Jarrett and Andrew are inspecting the damage (around 4 p.m.) that was done to the cherry tree on August 28, 1990.
Sunday, August 29, 2010 - Yesterday was the 20th anniversary of the Plainfield Tornado. The storm system went right over our house before it went down to Will County and created unspeakable havoc. It was one of the scariest storms I've ever witnessed. And we did witness it in the very spot I'm sitting in right now.
Yeah, right in front of the window in the computer room. Jarrett was on my lap and Andrew was right beside me. It was unbelievable fury that was being unleashed before our eyes! The thing about it was that we usually get storms from the southwest -- but this one came from the northwest. weird!
We thank Johnson's Mound (a kame) for saving us from death and destruction... well, at least that day. Apparently, the boys were supposed to live for a few more years.
Bob didn't feel good so he had stayed home and didn't go to work. He was upstairs in bed. The boys and I were downstairs. Andrew was 4 and Jarrett was 2 so they weren't in school yet. And I'm REALLY thankful for that.
Here's the story from The Beacon News today (8/29/2010):
The Plainfield tornado, as it is generally known, was caused by a microburst, a powerful blast of air that descends rapidly and spreads in all directions.
T.T. Fujita, then a professor at the University of Chicago and one of the nation's leading tornado researchers, said at the time that the Will County tornado had winds of more than 260 mph. It traveled more than 16 miles on the ground and varied in width from one-quarter to one-half mile.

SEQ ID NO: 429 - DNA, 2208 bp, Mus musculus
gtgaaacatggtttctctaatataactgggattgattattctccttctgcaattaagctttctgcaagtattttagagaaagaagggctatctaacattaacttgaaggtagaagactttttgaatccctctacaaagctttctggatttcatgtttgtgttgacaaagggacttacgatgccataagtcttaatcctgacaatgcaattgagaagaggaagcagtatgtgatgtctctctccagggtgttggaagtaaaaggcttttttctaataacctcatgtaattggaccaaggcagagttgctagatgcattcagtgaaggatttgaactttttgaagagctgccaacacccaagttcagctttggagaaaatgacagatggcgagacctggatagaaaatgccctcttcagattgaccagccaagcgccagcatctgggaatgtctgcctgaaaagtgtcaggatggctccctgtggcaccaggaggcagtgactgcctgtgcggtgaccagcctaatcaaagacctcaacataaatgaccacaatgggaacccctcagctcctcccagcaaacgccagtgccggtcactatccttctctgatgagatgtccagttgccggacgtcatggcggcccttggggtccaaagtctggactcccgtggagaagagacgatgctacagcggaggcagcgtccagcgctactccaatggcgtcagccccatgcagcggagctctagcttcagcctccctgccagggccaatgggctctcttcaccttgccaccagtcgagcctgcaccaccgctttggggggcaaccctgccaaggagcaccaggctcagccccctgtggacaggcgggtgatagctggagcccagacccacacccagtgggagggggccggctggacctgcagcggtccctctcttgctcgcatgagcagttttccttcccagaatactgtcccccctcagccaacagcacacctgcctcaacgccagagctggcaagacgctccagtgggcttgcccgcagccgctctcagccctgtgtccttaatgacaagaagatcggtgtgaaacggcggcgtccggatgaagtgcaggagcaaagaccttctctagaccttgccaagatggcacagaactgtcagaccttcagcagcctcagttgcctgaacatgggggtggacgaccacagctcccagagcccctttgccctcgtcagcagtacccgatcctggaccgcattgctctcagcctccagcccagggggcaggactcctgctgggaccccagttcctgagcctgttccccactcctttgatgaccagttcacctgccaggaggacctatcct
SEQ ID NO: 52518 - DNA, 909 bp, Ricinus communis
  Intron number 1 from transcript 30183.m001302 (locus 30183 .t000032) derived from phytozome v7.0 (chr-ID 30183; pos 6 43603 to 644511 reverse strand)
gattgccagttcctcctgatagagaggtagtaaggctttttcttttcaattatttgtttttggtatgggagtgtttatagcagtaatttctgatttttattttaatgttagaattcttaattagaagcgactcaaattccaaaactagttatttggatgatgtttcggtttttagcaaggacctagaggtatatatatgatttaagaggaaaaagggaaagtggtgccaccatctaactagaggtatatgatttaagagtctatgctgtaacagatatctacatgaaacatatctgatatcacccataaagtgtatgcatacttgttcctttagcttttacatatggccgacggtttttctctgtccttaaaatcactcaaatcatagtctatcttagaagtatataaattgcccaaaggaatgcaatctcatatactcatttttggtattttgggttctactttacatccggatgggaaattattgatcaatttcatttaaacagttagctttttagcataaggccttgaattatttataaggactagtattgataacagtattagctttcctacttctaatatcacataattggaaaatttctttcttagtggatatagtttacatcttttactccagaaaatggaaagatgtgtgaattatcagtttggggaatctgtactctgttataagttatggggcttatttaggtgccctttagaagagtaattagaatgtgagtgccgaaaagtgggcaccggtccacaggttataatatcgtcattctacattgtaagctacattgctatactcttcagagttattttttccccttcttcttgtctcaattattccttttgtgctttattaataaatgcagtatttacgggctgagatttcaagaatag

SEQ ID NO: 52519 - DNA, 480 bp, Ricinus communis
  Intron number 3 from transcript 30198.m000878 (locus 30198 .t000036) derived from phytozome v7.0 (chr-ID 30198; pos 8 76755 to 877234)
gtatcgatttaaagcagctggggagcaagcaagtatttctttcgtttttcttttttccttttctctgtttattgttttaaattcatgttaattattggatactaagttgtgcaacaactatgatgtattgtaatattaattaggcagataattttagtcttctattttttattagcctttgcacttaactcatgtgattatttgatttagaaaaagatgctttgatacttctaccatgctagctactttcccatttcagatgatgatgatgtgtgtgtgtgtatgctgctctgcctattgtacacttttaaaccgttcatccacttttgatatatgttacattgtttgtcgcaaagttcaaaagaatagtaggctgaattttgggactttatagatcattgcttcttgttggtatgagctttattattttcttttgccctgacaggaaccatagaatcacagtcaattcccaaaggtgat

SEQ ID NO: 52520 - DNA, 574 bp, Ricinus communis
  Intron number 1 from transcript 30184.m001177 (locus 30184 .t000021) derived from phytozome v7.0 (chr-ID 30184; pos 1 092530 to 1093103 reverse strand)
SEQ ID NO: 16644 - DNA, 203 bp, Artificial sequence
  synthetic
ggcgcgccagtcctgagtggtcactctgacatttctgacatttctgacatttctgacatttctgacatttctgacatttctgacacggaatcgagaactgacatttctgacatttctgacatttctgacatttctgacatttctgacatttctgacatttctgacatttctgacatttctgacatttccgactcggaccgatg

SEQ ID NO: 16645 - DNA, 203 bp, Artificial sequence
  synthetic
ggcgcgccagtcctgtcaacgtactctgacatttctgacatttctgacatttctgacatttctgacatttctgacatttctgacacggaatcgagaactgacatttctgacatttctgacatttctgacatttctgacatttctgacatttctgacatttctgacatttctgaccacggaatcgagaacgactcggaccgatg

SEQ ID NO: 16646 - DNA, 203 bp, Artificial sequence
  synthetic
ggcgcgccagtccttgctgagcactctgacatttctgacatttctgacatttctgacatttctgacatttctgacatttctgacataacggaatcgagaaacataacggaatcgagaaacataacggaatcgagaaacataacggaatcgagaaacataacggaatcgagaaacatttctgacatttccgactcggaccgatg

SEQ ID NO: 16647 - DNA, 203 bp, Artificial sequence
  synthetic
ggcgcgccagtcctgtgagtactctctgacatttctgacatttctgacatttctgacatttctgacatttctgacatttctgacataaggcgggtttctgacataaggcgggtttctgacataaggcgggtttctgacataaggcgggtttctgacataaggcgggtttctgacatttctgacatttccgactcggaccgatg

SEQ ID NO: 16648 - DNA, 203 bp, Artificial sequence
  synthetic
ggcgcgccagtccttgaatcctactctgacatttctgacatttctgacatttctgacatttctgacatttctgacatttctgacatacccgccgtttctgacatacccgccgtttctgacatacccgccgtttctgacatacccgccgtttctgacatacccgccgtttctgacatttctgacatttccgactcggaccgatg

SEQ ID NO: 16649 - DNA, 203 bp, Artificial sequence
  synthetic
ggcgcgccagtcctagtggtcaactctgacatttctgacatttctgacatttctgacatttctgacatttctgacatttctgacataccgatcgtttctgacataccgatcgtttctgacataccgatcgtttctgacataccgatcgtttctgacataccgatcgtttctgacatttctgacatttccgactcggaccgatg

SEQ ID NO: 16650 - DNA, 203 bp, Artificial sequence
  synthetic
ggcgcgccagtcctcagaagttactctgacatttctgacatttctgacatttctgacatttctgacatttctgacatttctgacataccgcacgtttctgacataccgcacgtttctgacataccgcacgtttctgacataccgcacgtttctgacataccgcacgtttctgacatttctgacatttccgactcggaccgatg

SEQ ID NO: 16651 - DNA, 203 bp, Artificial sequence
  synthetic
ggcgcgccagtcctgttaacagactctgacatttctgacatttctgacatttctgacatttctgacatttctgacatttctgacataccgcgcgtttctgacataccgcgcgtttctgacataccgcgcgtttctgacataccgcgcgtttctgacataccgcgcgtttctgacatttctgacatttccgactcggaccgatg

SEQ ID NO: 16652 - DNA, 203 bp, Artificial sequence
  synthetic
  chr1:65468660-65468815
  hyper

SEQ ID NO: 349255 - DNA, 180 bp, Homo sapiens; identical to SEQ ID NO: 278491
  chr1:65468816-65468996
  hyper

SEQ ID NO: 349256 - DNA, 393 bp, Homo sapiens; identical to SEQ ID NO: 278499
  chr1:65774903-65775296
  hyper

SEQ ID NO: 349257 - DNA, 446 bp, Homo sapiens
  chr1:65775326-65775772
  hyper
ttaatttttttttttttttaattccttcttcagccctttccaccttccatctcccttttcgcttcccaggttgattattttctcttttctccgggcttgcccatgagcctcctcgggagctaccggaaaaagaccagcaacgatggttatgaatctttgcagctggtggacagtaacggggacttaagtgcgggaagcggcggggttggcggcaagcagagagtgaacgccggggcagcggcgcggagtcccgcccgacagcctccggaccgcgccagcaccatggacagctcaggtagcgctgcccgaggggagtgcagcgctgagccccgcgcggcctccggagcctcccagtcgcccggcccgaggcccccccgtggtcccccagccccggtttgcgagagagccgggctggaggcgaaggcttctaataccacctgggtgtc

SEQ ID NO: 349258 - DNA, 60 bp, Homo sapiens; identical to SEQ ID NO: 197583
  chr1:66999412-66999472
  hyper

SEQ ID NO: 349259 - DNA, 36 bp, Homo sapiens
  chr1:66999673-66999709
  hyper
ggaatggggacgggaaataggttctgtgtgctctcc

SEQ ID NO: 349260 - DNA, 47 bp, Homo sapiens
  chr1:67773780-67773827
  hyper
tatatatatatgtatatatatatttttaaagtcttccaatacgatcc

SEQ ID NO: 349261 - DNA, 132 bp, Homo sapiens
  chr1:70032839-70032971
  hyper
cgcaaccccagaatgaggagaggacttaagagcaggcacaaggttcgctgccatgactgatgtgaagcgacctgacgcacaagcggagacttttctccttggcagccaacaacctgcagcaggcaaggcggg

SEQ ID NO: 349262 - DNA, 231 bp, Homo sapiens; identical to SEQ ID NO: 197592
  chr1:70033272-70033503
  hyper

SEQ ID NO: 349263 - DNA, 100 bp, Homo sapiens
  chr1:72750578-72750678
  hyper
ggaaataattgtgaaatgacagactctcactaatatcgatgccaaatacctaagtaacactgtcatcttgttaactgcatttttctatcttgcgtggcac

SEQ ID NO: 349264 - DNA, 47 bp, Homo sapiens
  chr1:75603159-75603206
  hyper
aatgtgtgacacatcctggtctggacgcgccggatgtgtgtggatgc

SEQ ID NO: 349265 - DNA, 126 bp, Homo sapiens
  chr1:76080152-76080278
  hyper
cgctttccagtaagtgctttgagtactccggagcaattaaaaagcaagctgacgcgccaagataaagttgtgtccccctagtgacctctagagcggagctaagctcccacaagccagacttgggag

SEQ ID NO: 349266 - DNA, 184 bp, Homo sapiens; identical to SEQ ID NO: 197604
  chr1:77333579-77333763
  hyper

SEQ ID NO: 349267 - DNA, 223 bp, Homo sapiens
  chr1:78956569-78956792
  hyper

The twister had its origin in a storm front that first spawned a small tornado that touched down at 1:30 p.m. near Rockford. The storm blew through DeKalb County, then entered northern Kane County just before 3 p.m., flipping planes at the Aurora Municipal Airport (actually Sugar Grove). At about 3:30 p.m., the twister ripped into Will County.
The tornado first touched down in Will County in the Wheatland Plains subdivision where an estimated 50 houses were hit. Three fatalities were reported on Route 30 in north Plainfield.
The twister then demolished Plainfield High School, where three people were killed. It severely damaged St. Mary Immaculate Church and School in Plainfield, where the principal, Sister Mary Keenan, was found dead in the rubble with two other victims.
Much of an eight-block area between Willardshire Road and Caton Farm Road in Joliet was flattened. Nearly two-thirds of Grand Prairie Grade School was demolished. A half-dozen people died in subdivisions along Caton Farm Road.
The Crest Hill Lakes apartment complex in Crest Hill was hit hard: the 48-unit, three-story building was leveled. Eight people died.
The high winds tore down thousands of trees and power lines. Fires broke out in a number of buildings that were torn apart.
Somewhere we have a picture of St. Mary Immaculate Church that Grandpa and Grandma Berg took when they came to visit shortly after the tornado hit. Can't really tell you where that is right now. It could be that I've never scanned it.
Remember in those days, we didn't yet have digital cameras. Oh yeah, the olden days. all righty. Stay safe out there. later, djb